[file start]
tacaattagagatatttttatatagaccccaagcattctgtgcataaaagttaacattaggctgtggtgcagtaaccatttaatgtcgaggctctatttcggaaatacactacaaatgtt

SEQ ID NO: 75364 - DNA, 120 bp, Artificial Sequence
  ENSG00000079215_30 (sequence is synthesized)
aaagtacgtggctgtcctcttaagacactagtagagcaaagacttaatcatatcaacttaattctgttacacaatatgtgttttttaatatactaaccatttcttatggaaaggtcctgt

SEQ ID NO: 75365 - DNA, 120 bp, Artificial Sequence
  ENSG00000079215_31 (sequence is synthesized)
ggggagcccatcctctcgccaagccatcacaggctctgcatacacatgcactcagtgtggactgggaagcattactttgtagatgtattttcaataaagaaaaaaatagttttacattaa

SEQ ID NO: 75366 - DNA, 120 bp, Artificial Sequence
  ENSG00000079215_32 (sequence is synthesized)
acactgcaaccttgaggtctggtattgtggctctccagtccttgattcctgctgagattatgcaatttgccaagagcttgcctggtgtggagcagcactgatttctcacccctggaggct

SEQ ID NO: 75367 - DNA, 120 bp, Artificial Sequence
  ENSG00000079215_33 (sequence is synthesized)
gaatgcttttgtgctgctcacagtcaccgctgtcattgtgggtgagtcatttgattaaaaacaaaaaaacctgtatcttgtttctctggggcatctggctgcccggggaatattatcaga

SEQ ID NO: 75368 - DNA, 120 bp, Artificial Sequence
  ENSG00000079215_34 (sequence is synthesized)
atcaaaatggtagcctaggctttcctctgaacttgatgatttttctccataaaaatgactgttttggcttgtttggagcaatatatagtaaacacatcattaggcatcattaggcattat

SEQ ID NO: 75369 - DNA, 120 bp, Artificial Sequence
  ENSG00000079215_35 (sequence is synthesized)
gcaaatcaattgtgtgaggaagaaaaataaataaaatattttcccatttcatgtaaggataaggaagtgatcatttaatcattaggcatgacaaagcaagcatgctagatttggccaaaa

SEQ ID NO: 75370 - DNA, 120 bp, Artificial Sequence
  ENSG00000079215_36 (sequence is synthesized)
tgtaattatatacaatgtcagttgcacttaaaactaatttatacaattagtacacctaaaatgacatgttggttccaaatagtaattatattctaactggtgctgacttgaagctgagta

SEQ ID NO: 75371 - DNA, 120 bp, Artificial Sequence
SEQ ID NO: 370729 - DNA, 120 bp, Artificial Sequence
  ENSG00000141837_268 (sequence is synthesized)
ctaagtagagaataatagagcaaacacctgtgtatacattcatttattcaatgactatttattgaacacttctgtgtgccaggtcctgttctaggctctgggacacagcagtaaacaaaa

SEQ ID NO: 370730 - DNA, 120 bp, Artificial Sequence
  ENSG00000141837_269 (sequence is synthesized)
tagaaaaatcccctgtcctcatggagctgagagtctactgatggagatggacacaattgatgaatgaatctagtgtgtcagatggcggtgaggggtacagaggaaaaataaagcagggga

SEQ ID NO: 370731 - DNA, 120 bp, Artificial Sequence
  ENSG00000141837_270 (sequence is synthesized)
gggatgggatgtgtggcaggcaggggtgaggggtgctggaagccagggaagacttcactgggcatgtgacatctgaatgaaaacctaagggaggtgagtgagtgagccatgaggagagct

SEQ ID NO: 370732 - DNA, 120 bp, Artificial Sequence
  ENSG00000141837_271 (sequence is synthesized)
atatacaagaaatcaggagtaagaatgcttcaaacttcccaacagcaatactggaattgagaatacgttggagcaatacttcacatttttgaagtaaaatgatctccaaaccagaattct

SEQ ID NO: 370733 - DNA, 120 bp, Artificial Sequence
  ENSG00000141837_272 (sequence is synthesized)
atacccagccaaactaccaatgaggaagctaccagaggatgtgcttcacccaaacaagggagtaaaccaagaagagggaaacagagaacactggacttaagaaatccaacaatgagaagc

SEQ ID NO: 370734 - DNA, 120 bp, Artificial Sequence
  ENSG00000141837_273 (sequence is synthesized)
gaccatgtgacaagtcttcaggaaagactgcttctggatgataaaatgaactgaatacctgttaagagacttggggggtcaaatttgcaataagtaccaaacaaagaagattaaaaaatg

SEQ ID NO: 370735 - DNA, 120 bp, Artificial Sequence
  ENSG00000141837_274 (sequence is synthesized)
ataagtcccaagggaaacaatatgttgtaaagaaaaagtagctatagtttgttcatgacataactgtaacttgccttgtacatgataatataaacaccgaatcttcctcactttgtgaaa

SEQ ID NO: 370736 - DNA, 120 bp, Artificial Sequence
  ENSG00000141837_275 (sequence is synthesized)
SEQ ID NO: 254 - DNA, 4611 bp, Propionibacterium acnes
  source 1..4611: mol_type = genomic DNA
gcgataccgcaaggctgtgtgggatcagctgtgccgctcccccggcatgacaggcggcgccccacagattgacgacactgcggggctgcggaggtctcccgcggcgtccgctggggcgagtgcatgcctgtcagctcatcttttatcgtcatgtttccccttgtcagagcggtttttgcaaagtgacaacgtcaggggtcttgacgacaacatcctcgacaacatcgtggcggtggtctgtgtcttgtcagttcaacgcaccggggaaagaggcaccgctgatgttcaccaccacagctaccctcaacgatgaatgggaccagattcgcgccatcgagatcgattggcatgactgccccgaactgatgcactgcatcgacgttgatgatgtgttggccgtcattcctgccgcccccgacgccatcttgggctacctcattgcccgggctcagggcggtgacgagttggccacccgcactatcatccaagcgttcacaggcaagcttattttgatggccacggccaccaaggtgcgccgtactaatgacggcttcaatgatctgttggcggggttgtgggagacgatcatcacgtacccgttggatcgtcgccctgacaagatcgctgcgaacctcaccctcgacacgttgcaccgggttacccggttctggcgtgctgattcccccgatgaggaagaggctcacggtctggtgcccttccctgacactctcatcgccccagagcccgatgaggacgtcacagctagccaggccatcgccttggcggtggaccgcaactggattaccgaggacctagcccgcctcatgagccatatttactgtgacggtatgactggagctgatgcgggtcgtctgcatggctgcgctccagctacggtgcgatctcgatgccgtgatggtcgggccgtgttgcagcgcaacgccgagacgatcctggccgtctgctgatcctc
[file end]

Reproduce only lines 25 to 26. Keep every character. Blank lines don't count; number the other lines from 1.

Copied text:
  ENSG00000141837_268 (sequence is synthesized)
ctaagtagagaataatagagcaaacacctgtgtatacattcatttattcaatgactatttattgaacacttctgtgtgccaggtcctgttctaggctctgggacacagcagtaaacaaaa